Sunday, February 5, 2012

Interesting Fact: Limpkin

Did you know? . . . that the 10th primary of a Limpkin is about 4 inches shorter than its longest primary?  The 10th primary is the outermost primary; the primaries are counted from the inside out.  This feather is also curved but only in 2nd year and older birds.  The juvenile birds show a straight 10th primary.  It is unknown why this would be the case; one possible explanation is that the 10th primary is used in some sort of mating display that first year birds don't go through.  This changing shape of the feather in different age groups also gives observers a chance to age birds but it is quite difficult to see especially when the bird is perched.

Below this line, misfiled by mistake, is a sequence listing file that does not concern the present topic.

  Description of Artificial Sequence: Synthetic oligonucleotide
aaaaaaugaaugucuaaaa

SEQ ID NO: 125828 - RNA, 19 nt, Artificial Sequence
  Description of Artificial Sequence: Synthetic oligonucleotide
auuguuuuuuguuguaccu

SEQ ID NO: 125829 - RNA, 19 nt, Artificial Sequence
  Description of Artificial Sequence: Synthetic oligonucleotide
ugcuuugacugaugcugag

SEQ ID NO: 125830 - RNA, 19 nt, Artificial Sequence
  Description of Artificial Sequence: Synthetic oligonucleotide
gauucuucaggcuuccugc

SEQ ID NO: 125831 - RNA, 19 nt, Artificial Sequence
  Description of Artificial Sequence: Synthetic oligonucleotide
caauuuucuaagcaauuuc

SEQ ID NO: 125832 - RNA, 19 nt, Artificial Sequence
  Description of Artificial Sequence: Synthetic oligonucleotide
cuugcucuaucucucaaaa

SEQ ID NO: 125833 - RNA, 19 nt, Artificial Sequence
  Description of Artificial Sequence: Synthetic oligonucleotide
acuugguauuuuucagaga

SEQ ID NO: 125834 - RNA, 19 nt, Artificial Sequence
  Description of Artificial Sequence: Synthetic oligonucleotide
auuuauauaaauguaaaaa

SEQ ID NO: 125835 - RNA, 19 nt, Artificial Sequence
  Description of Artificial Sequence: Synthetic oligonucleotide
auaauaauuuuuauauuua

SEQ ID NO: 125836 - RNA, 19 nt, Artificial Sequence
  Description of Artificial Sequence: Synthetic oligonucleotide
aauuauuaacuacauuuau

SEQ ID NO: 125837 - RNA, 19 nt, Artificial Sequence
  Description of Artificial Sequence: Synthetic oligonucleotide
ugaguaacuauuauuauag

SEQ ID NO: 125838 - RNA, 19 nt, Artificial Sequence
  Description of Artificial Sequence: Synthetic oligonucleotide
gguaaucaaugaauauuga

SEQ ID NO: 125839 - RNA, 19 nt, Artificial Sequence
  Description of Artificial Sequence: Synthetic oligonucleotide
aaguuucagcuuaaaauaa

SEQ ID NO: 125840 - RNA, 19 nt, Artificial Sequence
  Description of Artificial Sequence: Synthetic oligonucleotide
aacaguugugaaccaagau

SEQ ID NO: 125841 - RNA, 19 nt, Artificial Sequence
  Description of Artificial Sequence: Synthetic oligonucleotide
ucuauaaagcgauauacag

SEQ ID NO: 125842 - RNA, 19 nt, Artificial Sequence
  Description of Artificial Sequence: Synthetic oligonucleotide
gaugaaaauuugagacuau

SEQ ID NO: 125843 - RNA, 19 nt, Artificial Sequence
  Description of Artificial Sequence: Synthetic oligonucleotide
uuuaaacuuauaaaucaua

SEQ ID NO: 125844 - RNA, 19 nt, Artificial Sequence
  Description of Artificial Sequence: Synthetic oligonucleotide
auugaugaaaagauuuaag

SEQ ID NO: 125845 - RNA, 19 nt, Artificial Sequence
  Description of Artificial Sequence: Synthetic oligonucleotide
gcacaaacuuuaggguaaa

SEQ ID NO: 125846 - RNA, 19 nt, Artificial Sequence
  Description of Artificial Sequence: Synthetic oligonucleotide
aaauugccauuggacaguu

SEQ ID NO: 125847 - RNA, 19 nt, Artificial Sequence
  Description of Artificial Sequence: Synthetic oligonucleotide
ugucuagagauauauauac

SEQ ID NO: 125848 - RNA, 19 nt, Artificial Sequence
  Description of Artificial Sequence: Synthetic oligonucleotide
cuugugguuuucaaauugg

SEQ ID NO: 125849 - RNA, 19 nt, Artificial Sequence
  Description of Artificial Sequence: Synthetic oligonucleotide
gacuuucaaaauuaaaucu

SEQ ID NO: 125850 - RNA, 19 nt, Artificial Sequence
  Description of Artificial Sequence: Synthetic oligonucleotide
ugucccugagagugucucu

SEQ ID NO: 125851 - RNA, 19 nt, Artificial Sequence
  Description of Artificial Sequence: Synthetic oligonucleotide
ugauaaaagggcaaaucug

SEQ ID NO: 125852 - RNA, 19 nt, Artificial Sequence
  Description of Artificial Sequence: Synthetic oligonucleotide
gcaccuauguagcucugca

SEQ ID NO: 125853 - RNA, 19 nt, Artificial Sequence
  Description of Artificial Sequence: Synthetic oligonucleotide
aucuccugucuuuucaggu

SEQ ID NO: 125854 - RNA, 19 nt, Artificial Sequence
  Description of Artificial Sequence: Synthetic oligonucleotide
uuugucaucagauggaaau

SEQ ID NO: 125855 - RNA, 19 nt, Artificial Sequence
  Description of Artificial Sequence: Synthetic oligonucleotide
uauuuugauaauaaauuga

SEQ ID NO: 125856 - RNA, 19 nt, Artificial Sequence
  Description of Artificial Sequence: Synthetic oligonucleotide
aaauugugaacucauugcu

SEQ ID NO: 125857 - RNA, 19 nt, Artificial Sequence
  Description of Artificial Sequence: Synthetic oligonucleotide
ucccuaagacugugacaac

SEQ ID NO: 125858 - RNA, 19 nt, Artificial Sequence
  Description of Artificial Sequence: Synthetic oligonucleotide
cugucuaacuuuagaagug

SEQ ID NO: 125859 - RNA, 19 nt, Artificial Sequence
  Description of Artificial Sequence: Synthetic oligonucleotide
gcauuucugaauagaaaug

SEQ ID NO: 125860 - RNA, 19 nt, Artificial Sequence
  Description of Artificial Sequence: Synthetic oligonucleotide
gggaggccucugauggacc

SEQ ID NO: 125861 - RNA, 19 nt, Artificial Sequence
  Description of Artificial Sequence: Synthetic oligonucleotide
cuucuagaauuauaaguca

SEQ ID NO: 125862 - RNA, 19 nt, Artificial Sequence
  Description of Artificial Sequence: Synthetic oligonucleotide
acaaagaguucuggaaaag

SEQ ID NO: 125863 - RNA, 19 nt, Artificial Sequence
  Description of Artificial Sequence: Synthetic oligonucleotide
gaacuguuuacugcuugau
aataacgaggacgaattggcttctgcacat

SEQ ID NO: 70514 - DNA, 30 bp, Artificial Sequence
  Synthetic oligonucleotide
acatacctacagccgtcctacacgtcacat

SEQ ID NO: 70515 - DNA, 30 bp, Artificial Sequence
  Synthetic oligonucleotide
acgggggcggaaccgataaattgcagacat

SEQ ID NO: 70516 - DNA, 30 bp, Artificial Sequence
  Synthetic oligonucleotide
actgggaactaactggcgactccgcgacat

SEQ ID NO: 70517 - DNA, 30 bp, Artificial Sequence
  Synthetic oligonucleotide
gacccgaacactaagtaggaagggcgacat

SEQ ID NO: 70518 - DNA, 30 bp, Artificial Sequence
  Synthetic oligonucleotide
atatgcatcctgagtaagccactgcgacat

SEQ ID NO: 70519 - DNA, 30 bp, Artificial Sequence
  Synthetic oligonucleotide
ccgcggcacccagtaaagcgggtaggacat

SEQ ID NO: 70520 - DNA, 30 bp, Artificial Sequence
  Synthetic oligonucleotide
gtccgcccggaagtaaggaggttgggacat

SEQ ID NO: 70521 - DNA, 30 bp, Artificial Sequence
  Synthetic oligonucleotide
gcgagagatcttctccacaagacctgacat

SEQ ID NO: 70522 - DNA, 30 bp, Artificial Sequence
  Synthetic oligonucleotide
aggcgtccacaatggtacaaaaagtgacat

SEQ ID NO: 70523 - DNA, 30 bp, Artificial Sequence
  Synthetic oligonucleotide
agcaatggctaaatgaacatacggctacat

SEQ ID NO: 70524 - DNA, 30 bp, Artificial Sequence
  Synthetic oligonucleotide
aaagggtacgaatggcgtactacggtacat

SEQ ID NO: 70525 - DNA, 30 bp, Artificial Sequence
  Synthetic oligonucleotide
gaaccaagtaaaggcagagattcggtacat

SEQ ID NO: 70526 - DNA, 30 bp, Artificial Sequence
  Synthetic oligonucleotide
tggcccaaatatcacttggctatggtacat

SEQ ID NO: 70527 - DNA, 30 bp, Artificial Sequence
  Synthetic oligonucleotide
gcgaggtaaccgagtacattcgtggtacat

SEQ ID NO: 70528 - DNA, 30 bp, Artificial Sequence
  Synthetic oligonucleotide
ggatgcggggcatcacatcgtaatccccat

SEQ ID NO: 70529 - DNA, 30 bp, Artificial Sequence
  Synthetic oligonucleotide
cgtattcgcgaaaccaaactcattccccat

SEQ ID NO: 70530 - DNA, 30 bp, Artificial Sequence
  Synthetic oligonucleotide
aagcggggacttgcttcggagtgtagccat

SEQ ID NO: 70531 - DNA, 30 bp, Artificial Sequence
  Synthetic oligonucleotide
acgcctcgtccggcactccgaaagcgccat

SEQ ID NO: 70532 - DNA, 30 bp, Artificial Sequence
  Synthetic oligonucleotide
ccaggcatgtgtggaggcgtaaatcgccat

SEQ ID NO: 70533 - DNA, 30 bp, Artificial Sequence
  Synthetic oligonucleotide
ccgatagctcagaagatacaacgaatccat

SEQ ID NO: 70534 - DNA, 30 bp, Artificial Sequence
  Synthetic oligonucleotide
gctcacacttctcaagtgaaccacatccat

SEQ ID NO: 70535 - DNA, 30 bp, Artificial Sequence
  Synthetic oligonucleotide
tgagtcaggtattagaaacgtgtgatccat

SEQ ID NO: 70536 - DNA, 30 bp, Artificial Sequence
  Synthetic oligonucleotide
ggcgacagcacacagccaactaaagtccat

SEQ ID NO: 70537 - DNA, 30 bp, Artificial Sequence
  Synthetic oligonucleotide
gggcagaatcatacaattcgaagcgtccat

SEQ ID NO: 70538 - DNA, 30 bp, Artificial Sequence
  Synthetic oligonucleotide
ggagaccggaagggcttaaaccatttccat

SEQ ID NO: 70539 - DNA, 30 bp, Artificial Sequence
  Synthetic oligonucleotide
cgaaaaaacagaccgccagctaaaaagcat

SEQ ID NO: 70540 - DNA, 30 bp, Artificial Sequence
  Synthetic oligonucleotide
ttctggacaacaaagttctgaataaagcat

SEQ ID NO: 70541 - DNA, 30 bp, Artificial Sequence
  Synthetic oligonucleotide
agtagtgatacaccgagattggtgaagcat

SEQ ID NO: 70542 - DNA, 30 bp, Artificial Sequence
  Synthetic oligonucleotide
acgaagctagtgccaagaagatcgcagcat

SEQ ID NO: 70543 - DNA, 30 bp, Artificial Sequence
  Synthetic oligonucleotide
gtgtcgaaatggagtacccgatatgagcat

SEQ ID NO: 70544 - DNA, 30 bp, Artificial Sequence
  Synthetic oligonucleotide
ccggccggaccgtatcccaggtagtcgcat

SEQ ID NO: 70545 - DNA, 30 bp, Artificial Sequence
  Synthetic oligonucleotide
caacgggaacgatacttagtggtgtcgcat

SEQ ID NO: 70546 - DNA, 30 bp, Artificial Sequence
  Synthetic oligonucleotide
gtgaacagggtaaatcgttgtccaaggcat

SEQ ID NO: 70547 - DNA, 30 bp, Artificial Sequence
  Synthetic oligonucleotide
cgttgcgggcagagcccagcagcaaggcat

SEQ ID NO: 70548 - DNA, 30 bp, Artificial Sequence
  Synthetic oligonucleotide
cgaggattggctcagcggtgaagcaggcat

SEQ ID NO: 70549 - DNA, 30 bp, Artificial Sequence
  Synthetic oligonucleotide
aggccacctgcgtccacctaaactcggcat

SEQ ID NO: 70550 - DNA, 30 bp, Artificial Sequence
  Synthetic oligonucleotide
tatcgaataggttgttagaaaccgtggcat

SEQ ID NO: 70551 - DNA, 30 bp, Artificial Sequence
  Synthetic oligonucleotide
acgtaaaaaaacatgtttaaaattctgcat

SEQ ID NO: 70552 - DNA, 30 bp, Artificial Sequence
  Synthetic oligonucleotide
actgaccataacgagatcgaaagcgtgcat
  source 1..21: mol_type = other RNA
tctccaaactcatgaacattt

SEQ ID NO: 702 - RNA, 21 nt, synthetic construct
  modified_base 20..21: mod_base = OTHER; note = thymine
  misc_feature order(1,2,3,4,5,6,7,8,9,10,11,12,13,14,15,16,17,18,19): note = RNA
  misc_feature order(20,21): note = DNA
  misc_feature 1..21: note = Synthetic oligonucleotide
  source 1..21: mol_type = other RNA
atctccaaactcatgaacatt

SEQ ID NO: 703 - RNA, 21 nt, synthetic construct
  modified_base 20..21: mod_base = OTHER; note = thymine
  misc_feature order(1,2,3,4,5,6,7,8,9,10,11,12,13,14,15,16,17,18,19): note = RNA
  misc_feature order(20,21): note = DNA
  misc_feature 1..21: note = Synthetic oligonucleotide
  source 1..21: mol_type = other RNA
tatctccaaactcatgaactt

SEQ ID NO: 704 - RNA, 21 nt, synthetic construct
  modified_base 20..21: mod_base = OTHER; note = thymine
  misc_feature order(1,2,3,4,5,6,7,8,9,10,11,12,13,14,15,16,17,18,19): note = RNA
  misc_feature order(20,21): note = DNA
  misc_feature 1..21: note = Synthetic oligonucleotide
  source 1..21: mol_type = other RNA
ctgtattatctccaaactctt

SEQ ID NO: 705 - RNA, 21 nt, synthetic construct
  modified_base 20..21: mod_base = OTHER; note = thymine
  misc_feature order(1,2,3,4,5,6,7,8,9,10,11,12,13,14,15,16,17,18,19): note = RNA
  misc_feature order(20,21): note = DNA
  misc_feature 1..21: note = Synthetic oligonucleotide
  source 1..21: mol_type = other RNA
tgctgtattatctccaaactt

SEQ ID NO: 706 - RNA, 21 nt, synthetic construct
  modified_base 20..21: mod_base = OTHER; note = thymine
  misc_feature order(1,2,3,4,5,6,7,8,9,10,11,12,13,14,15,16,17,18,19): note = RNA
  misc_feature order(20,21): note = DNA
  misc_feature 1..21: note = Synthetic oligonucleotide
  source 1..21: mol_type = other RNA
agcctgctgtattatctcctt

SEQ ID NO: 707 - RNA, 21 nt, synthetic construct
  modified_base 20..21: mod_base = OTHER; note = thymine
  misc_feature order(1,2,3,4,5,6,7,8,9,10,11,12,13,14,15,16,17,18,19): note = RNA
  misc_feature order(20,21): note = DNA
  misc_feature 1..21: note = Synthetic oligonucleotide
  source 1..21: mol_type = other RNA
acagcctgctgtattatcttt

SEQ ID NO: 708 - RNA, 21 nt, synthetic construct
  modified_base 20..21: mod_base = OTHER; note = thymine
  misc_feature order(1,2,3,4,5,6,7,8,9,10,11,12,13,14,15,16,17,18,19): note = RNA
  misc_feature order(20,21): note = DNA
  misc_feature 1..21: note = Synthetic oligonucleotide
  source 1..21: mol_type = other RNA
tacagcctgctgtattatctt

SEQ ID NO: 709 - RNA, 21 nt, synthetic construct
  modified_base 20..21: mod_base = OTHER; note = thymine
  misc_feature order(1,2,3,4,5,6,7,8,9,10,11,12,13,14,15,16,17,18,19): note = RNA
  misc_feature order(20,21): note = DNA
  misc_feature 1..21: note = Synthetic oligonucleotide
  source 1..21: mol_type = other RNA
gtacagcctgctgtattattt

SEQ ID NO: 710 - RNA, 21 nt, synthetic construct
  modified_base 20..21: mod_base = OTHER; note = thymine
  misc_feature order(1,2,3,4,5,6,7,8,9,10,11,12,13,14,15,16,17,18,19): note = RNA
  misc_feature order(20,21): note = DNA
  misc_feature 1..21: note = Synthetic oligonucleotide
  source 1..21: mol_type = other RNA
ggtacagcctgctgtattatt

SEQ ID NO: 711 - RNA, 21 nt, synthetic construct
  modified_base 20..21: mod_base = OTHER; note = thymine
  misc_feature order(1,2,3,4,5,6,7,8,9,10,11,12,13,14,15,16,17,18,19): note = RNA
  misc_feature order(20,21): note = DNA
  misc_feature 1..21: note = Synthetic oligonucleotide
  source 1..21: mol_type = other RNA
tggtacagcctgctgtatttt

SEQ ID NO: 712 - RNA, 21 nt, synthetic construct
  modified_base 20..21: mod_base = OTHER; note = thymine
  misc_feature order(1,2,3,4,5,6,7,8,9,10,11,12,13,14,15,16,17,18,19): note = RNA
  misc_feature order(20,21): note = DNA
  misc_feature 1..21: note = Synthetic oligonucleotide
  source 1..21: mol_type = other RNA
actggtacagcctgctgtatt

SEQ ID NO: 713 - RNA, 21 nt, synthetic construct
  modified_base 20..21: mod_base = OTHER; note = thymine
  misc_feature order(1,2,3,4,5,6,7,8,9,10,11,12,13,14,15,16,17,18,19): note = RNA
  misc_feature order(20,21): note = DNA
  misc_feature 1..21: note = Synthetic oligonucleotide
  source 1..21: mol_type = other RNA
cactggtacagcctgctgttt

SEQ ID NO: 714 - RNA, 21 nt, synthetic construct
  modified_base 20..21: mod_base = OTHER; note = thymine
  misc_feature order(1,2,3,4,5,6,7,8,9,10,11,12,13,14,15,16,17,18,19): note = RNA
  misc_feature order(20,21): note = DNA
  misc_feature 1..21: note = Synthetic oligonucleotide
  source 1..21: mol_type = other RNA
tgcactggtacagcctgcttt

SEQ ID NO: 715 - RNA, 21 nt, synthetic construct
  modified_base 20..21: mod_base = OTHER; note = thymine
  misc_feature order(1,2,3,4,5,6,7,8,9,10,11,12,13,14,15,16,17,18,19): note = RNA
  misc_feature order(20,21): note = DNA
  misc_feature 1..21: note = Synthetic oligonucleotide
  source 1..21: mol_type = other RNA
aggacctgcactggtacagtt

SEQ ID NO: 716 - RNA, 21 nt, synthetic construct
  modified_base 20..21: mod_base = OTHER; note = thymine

To see some pictures go to:
There are a few pictures of Limpkins in flight that the primary can be clearly seen.


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